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Norris Asphalt Paving and the Iowa Department of Transportation have received the 2015 Sheldon G. Hayes Award, the annual honor given by the National Asphalt Pavement Association to the highest quality asphalt pavement in the country.
During NAPA’s annual meeting in La Quinta, California, the two entities were recognized for work on a 15-mile stretch of U.S. 34 located in Montgomery and Adams counties in Iowa. NAPA cited the project for its use of recycled asphalt pavement (RAP) at the base, intermediate and surfaced levels, and for its smoothness, density and lack of imperfections.
The project used 79,000 tons of asphalt and included widening a 1.8-mile section from two lanes to four lanes that involved incorporating an intersection with U.S. 71, followed by reducing U.S. 34 back down to two lanes. Work also included turning and climbing lanes.
“When you talk about the varying widths, that’s extremely difficult to do,” says Norris Asphalt President Brady Meldrem. “It’s not just put the paver down and measure. The lanes go from side to side, and Bob Mobley (paving superintendent) and the whole team did a great job of getting it all laid down. I don’t think there was a flat spot on this project. I think there were passing lanes going up every hill.”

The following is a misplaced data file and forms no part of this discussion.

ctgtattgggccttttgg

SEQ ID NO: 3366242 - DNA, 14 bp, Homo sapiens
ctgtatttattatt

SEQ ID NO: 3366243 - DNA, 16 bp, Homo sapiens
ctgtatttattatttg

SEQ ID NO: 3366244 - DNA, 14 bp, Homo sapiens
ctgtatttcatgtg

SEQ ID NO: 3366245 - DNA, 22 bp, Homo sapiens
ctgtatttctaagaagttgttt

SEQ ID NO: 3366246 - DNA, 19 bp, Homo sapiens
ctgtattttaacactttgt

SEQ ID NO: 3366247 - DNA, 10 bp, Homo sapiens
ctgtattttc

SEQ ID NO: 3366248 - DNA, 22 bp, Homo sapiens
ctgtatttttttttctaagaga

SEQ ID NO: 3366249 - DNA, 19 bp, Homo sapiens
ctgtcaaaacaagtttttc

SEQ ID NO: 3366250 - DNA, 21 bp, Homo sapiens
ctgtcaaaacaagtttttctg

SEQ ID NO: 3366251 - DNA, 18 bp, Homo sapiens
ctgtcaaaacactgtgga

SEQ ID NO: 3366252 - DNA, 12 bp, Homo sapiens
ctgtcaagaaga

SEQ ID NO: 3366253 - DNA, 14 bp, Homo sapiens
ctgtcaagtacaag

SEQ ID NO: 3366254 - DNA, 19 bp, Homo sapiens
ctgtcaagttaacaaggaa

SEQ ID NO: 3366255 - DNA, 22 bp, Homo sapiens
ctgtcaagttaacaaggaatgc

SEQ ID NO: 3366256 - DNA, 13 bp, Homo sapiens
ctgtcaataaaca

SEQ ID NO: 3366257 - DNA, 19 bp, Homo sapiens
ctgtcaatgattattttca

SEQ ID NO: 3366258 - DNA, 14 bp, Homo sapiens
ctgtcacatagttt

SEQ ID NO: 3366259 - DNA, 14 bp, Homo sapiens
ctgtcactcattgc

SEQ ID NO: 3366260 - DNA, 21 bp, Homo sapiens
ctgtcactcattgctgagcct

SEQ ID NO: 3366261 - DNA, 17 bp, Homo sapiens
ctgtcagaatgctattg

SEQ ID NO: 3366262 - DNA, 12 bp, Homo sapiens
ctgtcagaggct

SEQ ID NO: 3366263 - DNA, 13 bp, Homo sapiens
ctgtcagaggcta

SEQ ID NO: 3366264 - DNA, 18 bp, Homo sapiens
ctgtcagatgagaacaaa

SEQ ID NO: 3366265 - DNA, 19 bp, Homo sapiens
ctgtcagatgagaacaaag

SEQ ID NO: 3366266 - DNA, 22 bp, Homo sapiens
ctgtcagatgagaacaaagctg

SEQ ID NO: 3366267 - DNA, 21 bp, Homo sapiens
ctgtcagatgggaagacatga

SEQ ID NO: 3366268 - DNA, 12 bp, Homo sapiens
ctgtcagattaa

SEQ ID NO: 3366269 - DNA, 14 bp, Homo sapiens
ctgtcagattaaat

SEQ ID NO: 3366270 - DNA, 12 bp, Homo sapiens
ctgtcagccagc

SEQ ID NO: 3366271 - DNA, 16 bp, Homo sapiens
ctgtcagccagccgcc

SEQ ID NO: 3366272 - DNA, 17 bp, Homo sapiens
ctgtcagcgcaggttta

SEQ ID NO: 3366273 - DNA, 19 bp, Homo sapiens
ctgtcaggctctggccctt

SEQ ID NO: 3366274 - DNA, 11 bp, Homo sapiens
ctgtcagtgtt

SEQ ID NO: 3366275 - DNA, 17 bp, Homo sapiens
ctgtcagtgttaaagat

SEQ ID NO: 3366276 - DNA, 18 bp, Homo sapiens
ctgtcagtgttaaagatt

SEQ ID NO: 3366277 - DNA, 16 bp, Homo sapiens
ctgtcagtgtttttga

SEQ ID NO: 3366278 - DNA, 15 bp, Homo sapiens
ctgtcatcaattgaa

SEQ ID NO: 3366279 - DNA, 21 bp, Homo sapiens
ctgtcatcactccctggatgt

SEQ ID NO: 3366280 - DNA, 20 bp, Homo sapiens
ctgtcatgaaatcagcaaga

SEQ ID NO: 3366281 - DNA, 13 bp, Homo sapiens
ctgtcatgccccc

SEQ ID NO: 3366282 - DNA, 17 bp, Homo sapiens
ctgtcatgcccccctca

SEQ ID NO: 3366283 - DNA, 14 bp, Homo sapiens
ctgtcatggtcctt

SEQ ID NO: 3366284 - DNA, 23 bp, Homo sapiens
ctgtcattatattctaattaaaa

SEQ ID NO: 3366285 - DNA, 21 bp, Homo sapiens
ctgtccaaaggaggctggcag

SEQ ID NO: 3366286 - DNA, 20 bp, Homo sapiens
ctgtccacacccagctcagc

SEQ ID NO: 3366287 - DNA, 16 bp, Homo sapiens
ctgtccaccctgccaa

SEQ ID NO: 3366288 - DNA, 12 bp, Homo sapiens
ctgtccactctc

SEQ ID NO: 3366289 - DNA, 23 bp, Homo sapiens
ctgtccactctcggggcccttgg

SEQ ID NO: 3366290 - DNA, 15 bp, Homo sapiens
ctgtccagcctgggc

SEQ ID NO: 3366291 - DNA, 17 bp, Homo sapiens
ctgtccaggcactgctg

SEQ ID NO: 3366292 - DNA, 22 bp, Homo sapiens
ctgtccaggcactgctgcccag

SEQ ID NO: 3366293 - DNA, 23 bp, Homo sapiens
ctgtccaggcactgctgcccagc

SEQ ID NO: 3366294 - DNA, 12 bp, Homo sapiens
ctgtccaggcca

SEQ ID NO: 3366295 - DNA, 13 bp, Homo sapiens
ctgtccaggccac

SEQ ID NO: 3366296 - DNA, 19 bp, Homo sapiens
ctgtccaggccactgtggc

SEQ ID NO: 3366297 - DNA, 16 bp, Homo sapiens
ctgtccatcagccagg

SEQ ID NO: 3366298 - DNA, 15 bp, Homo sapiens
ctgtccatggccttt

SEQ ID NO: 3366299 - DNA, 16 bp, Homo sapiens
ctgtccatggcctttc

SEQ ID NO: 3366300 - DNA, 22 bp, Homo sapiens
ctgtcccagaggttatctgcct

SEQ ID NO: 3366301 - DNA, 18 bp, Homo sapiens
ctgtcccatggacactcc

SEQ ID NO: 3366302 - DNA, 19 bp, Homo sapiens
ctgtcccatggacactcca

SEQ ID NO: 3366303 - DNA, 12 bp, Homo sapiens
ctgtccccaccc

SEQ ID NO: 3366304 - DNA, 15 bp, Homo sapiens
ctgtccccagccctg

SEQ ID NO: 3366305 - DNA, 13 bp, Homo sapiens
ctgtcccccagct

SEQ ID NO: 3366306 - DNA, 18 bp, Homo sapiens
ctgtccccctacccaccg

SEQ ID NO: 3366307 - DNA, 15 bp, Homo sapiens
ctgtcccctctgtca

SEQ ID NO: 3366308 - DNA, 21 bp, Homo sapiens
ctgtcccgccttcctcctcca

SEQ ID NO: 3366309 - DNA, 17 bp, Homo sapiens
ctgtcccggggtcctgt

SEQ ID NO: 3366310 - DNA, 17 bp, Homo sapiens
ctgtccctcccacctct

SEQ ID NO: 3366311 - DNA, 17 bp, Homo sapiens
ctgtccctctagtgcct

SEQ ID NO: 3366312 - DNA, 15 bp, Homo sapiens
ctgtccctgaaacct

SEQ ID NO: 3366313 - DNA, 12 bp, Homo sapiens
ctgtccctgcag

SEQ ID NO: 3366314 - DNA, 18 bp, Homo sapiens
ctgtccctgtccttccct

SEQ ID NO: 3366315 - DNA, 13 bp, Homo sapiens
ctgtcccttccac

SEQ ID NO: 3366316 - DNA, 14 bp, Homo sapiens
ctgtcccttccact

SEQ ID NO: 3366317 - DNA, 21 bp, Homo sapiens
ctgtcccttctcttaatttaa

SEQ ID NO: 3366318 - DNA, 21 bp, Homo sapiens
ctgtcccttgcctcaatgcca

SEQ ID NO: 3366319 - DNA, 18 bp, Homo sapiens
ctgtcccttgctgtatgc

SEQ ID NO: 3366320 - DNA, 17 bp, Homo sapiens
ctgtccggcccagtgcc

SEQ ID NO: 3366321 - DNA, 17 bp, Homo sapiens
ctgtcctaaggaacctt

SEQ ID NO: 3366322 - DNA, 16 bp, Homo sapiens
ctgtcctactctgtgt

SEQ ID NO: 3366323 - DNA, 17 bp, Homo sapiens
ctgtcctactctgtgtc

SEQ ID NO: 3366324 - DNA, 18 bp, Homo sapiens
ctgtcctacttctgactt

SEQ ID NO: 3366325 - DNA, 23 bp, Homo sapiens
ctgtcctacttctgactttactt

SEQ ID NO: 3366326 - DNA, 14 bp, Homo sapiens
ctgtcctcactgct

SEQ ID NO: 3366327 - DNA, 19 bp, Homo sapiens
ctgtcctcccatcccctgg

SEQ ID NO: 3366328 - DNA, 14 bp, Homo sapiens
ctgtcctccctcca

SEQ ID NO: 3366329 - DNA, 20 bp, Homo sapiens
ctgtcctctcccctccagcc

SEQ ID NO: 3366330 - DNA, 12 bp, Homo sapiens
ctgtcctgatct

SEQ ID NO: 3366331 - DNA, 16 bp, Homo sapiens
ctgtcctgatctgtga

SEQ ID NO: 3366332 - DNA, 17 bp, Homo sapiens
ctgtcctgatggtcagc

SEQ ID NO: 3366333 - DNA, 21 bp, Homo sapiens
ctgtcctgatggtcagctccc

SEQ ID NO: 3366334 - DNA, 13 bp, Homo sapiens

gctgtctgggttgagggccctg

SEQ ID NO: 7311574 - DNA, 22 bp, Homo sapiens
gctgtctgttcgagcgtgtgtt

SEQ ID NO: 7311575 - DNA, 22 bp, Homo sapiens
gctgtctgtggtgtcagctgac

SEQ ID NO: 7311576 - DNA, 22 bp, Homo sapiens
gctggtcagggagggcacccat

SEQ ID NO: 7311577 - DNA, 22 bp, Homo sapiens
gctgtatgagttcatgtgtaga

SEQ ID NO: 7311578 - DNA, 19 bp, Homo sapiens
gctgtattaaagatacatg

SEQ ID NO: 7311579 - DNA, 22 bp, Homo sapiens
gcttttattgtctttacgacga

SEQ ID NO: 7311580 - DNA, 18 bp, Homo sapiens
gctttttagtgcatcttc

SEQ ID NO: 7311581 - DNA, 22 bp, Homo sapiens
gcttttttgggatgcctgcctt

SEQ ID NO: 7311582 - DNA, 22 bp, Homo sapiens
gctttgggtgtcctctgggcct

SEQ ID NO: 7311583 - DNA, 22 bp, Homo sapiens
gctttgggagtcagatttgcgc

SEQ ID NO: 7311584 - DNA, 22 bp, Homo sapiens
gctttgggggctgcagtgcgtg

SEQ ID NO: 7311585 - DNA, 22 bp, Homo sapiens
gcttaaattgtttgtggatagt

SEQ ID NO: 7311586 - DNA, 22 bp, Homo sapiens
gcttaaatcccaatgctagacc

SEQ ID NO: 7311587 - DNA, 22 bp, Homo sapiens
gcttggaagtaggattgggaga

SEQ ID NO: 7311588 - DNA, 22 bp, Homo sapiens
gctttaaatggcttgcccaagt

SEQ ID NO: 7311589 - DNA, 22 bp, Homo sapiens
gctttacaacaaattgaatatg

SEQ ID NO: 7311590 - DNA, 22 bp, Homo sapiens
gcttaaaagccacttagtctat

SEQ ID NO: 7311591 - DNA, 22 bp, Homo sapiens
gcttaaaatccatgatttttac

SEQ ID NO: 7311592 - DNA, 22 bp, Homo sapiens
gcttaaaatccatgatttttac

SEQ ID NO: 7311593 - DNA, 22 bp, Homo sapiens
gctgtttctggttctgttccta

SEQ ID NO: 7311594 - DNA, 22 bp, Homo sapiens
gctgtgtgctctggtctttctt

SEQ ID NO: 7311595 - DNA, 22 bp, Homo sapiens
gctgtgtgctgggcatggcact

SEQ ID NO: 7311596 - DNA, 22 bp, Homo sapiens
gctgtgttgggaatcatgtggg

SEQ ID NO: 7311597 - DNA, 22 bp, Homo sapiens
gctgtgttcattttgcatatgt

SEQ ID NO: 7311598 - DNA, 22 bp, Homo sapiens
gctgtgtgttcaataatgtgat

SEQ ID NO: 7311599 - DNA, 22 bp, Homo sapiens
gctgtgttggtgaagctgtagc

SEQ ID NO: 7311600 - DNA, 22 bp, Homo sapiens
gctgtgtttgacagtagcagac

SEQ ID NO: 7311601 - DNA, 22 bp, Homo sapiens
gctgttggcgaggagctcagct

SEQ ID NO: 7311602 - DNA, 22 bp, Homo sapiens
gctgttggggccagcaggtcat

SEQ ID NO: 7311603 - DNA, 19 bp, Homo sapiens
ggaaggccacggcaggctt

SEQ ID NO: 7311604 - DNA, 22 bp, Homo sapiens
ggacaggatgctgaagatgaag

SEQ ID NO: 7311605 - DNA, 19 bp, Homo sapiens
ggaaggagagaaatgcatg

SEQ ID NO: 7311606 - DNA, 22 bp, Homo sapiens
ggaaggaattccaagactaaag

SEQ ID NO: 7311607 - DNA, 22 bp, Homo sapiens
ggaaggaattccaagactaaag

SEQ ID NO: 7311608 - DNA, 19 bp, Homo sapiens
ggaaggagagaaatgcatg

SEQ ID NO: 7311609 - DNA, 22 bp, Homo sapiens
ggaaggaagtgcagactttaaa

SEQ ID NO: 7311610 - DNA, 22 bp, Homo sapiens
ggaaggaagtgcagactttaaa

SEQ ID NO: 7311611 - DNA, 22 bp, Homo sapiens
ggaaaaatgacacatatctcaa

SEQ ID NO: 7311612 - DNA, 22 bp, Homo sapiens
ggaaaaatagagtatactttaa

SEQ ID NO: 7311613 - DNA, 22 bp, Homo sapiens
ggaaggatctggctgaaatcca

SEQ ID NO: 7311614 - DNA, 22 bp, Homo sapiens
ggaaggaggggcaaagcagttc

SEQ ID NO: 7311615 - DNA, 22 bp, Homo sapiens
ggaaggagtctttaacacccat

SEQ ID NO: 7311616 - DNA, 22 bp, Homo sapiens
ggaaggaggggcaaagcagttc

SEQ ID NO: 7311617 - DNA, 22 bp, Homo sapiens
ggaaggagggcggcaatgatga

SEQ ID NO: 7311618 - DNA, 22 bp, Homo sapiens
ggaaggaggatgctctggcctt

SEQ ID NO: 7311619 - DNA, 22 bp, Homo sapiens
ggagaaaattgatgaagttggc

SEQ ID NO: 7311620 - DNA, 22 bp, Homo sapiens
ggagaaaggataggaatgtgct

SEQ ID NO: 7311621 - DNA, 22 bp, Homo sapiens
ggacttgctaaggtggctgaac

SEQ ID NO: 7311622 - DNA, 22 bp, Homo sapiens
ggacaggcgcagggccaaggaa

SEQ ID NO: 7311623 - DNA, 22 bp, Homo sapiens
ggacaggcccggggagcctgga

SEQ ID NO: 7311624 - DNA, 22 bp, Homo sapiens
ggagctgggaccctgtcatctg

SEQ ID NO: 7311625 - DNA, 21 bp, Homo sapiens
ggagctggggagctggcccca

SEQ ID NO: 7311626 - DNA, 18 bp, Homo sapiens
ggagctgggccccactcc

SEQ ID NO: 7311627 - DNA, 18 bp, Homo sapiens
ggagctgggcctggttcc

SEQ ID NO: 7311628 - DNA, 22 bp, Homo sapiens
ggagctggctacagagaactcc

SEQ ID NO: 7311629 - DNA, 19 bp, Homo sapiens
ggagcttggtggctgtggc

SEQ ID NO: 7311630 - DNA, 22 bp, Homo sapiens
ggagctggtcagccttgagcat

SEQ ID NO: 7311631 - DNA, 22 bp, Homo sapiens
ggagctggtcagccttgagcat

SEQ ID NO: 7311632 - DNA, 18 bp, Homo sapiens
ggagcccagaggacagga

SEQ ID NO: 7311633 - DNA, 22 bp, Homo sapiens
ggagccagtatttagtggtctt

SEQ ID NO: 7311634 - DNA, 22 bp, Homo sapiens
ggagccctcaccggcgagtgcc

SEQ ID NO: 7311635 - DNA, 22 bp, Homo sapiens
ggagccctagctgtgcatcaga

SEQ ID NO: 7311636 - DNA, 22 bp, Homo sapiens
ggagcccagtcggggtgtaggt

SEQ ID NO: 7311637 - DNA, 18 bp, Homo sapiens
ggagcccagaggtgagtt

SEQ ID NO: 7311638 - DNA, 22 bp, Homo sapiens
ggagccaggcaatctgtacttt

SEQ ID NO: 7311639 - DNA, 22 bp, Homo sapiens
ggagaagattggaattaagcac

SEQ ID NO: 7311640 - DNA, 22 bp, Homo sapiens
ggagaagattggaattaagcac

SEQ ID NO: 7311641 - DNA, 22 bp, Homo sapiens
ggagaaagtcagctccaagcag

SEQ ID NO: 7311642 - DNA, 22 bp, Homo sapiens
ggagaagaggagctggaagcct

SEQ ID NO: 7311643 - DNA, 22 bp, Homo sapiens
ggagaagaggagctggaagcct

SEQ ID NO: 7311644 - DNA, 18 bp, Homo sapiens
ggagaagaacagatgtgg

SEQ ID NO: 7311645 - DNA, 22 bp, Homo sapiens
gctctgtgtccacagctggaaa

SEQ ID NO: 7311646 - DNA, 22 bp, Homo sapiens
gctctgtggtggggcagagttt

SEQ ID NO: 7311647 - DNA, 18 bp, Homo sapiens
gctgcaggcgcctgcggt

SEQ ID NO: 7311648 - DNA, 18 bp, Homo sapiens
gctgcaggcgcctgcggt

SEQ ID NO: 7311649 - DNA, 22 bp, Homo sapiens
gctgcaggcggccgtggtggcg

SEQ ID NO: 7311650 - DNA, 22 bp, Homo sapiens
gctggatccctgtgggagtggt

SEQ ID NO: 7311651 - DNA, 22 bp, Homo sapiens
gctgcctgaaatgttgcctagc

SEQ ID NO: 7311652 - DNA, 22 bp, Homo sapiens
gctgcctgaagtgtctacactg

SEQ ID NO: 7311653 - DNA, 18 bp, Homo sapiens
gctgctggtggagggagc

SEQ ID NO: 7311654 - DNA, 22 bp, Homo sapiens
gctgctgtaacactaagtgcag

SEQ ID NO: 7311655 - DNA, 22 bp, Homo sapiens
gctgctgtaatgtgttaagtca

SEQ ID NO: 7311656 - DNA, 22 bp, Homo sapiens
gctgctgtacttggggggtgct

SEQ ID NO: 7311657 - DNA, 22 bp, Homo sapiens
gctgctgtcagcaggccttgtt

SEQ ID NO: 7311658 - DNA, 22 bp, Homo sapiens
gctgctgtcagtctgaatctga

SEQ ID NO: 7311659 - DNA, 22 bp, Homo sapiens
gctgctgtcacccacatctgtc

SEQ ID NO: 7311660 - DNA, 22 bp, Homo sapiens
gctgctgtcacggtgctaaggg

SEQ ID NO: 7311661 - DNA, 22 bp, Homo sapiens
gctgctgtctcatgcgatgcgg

Mobley added that a half-inch to 1 inch of the road surface was milled off the east side of the roadway to start. “It was widened 4 feet on each side, even in the four-lane section,” Mobley says. “What was difficult in the four-lane section was going from two lanes to four lanes in such a short area.”
The RAP used in the project came from the milling work, which covered about 13 miles., according to Norris Project Manager Dan Roberts. He added that the base mix was 21 percent RAP, followed by 20 percent in the intermediate mix and 17 percent in the surfaced mix.
Iowa DOT Resident Construction Engineer Scott Nixon lauded the company for its skilled staff and the company’s ability to handle the multiple aspects of the project.
“The U.S. 34 project was fairly complex in the fact that it contained nine climbing lanes, five bridges to transition into, two major intersections with turn lanes and variable widths, as well as transitions into and out of a 2-mile long, four-lane section with a major interchange,” he says.
Inspecting the project site was Ray Brown, National Center for Asphalt Technology (NCAT) emeritus director. “At the time of inspection, the completed surface was very smooth and dense without any cracking, rutting, raveling, or segregation,” Brown says.
The Sheldon G. Hayes Award is named for NAPA’s first chairman. Projects, which must use more than 50,000 tons of asphalt, are eligible for the award the year after it wins a NAPA Quality In Construction Award. They are evaluated on smoothness and are then visually inspected by an independent pavement consultant such as Brown.
Finalists for the award included: